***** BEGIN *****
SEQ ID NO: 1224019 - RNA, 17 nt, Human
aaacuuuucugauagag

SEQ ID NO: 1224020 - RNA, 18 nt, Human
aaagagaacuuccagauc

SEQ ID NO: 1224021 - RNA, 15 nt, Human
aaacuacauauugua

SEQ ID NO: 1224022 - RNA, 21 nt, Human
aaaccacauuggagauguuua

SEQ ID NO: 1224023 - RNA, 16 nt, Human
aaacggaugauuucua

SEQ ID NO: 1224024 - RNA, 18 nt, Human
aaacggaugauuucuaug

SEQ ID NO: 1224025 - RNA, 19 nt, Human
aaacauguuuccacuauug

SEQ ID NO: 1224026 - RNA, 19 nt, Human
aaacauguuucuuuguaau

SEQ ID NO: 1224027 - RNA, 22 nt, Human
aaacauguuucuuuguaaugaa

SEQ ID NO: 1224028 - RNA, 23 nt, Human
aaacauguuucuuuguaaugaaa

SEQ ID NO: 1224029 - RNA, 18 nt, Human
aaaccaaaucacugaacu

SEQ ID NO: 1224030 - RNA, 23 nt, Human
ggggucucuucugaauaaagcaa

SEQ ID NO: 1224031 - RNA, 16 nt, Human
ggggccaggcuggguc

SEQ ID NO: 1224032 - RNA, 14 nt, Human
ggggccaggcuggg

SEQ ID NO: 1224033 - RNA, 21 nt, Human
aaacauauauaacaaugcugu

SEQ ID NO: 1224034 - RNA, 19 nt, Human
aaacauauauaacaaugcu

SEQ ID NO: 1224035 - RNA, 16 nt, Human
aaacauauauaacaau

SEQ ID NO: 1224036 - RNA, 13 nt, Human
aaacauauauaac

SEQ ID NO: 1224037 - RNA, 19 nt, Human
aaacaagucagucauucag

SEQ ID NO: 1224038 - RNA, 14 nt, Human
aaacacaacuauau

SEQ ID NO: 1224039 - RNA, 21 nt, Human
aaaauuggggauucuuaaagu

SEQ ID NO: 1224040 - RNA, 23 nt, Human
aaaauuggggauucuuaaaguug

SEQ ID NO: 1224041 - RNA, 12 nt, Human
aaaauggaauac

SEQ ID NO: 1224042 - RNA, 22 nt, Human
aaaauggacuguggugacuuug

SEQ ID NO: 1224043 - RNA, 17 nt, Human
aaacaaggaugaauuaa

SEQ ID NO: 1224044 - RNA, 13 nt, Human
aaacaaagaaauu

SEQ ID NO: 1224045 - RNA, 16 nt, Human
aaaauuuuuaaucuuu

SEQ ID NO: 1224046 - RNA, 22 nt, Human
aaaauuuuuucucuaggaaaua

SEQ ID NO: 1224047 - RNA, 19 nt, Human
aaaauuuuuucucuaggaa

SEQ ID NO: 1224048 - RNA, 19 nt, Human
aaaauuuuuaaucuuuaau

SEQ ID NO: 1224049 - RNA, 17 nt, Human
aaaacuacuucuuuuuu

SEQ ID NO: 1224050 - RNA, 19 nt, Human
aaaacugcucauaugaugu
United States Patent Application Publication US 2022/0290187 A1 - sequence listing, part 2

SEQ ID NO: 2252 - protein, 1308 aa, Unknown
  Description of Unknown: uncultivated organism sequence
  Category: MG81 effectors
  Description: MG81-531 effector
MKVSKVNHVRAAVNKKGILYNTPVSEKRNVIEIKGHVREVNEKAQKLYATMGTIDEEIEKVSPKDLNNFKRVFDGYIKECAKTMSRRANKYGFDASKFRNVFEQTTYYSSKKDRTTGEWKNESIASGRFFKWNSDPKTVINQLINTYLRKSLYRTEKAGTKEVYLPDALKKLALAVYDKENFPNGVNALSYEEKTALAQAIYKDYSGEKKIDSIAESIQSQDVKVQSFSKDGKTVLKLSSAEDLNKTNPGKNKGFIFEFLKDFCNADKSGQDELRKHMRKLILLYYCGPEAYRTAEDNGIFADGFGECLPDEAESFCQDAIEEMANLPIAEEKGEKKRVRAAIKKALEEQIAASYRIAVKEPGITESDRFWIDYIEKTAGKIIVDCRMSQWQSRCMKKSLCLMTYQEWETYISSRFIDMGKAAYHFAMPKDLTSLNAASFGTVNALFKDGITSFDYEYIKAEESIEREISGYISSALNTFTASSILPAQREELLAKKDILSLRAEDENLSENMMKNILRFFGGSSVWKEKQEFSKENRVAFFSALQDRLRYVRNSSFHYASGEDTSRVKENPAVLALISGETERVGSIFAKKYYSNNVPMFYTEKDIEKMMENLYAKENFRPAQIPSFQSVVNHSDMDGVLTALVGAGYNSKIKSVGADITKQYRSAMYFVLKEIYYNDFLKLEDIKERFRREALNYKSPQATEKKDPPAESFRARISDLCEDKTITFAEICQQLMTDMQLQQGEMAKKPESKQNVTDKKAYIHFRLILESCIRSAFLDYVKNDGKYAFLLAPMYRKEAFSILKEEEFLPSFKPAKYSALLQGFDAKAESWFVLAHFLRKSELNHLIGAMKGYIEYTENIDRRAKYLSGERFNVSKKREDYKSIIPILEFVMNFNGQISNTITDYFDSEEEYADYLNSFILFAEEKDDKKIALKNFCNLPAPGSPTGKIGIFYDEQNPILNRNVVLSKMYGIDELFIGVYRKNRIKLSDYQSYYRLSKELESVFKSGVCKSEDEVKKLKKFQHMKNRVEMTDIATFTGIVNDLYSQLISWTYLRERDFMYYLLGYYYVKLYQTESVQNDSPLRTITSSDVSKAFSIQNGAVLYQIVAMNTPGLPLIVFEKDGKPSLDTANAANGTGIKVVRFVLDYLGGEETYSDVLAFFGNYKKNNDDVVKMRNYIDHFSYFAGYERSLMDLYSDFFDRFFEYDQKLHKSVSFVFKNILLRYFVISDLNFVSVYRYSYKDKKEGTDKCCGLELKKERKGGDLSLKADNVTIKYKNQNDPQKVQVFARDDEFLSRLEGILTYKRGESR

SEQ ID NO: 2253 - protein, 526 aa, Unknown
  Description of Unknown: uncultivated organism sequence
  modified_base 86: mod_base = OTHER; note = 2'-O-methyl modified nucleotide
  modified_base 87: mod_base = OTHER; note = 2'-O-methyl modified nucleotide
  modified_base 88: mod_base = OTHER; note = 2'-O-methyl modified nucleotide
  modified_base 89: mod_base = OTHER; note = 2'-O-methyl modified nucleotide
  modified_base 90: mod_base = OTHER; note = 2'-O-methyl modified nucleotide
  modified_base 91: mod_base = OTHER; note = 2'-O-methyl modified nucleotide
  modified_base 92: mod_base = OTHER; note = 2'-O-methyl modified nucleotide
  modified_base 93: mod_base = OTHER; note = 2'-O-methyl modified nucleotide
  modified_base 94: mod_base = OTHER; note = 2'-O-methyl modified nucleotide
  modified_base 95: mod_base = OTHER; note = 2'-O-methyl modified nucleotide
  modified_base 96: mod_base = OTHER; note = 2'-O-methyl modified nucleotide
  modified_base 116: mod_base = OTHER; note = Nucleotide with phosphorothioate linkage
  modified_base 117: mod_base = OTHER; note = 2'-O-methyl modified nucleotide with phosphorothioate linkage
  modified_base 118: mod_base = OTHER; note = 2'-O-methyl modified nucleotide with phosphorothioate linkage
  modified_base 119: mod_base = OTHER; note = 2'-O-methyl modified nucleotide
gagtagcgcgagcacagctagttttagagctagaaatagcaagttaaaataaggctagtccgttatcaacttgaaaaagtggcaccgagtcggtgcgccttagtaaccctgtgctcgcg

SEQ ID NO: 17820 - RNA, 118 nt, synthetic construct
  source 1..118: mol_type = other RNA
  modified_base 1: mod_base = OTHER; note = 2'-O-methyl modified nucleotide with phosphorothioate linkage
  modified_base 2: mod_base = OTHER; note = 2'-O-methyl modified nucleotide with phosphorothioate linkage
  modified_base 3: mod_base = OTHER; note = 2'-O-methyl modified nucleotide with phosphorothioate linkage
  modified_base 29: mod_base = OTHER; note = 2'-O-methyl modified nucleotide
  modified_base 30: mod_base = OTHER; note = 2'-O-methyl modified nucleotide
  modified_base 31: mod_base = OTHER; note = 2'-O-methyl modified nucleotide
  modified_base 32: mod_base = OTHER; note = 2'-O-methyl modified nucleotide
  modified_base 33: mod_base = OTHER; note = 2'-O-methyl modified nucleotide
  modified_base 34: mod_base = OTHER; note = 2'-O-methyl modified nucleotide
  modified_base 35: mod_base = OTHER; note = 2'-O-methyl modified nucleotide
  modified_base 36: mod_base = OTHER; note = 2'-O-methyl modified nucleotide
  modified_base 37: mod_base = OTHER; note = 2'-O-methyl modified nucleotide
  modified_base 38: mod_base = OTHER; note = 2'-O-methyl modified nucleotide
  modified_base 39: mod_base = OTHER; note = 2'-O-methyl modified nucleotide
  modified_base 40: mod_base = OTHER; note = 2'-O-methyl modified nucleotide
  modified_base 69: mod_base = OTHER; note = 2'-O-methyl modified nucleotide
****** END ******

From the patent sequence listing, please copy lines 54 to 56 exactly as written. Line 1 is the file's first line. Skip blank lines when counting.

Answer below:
aaaauuuuuaaucuuu

SEQ ID NO: 1224046 - RNA, 22 nt, Human
aaaauuuuuucucuaggaaaua